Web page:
In addition, it supports a wide range of hardware and includes free/non-free packages both in a single ISO file. On the desktop side, all the major desktop environments are available for you to install on your older hardware.
Perhaps, it is the safest choice if you are looking for a vanilla 32-bit Linux distro experience. The last release of Debian 12 received a positive review overall, which is a testament to this distribution.
Why is Debian the best 32-bit distro?
- Most popular and widely used
- Dependable and used by millions
- Well documentation, tutorials and user guides
- Proper framed future roadmap
- Support for all architectures and platforms
MX Linux is a systemd-free distro based on the “Debian stable” branch. It has recently been trending among users who want a clean system that supports older to modern hardware.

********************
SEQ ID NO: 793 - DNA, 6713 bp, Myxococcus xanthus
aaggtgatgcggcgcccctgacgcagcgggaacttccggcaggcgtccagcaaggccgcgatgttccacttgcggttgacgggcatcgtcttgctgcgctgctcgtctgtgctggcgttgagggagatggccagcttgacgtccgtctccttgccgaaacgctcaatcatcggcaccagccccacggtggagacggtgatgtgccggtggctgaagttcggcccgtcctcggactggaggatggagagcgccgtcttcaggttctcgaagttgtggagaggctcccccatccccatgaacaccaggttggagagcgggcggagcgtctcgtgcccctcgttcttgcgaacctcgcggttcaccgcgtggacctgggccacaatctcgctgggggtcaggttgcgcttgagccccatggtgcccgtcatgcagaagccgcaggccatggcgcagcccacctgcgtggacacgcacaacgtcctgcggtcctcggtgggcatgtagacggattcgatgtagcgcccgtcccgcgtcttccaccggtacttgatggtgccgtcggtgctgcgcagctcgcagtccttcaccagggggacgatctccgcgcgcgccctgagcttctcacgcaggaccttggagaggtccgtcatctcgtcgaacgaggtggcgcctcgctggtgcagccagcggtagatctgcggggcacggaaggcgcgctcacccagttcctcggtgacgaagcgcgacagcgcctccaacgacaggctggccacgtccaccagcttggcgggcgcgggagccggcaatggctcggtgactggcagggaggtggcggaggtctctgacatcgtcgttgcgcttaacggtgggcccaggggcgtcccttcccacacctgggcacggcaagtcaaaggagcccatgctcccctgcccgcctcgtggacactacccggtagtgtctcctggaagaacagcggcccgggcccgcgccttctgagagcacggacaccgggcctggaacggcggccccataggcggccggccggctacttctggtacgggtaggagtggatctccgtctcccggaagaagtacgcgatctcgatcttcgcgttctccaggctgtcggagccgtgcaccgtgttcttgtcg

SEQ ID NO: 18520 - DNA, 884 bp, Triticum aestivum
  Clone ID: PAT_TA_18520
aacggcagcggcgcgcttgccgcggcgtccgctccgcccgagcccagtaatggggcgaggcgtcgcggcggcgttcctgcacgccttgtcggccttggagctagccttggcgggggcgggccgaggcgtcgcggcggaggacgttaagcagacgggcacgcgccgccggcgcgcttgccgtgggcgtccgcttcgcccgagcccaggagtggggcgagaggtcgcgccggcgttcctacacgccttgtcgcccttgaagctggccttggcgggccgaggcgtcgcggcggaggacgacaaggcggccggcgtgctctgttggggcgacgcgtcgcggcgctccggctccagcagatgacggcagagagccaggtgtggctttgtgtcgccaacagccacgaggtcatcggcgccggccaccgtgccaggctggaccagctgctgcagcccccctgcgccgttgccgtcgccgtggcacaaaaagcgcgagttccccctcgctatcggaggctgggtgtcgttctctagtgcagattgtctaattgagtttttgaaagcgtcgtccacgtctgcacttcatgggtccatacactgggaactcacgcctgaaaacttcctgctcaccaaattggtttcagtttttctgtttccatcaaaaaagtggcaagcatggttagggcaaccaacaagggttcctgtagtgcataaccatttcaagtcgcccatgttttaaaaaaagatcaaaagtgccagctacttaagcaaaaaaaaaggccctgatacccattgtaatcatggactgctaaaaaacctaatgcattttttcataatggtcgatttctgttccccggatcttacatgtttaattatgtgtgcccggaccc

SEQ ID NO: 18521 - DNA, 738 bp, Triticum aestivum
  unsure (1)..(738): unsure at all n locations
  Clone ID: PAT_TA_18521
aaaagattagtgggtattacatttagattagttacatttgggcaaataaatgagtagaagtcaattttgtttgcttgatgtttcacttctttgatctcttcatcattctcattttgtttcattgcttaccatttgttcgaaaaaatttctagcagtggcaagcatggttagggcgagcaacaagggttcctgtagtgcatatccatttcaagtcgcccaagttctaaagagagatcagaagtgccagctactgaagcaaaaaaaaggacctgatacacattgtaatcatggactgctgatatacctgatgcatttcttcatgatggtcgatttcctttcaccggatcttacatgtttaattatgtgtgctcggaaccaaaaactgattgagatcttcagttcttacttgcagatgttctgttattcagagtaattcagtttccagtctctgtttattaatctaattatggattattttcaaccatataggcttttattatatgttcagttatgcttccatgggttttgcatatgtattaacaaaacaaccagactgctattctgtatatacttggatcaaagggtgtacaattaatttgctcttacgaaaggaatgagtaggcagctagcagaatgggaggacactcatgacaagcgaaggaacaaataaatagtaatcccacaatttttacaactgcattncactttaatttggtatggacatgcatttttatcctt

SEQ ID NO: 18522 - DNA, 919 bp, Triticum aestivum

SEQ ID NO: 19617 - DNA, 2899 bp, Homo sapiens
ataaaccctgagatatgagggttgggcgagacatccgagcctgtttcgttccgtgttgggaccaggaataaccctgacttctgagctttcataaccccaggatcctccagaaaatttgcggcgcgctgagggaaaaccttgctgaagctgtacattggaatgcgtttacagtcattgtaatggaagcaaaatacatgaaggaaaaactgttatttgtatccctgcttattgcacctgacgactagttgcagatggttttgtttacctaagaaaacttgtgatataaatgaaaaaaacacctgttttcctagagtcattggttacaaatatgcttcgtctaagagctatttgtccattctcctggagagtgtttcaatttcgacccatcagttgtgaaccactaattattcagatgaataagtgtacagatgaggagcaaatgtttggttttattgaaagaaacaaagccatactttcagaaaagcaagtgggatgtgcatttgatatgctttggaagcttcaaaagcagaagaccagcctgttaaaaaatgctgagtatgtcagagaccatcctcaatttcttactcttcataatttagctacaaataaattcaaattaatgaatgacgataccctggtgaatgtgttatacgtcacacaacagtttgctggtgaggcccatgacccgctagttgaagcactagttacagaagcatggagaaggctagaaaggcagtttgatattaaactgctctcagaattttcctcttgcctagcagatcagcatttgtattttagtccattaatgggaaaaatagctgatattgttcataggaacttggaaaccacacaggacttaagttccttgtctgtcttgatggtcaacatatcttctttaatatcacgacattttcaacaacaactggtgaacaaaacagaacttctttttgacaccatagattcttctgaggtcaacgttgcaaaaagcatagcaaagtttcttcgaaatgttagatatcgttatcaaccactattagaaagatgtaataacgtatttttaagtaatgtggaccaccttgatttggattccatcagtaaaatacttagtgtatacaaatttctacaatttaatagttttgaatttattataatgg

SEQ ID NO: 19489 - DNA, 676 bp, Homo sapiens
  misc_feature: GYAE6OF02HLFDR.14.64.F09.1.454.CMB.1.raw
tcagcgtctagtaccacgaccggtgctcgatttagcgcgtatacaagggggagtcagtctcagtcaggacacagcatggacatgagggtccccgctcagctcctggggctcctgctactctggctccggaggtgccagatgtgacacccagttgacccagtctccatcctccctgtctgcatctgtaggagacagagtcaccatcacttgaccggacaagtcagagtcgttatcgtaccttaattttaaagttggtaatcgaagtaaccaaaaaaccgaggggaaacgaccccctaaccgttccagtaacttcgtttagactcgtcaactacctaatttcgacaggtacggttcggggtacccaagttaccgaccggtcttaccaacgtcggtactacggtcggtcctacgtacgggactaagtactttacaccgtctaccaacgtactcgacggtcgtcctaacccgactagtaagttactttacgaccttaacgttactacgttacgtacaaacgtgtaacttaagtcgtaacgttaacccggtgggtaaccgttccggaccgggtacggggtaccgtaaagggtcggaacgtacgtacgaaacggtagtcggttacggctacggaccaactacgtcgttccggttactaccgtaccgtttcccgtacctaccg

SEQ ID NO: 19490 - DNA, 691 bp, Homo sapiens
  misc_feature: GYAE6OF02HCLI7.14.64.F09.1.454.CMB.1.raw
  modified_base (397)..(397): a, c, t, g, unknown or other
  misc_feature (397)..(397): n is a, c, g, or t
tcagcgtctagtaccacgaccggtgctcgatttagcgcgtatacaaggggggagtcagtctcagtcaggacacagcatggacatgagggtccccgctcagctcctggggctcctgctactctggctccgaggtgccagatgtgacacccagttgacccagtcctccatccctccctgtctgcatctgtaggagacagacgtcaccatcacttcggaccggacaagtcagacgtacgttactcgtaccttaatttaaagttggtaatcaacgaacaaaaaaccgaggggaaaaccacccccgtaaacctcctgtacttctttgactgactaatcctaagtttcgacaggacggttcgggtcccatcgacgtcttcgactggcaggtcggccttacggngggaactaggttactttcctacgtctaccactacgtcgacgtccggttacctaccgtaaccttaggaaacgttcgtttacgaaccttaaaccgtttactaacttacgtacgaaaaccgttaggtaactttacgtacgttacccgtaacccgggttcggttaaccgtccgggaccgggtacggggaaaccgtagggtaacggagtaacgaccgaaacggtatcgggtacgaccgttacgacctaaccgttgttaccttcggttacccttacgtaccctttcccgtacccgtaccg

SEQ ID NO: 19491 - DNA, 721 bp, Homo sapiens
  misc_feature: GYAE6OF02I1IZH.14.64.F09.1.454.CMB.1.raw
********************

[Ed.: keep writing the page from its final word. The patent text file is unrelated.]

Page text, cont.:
MX Linux is popular because it’s carefully created to give you a perfect and stable system with its native applications and tools.
The team behind it gives a lot of thought while packaging the applications in this distro. Besides that, it is also based on antiX components and comes with KDE Plasma desktop, Xfce and Fluxbox.
MX Linux is probably the best choice in this list because it is easy to download and use in older systems.
Why is MX Linux the best?
- Systemd free, hence faster overall
- Based on Debian stable, it gives a more stable system
- Unique in-house applications to help users with generic tasks
- Three desktop flavour options to choose from
- Well-supported community and user-base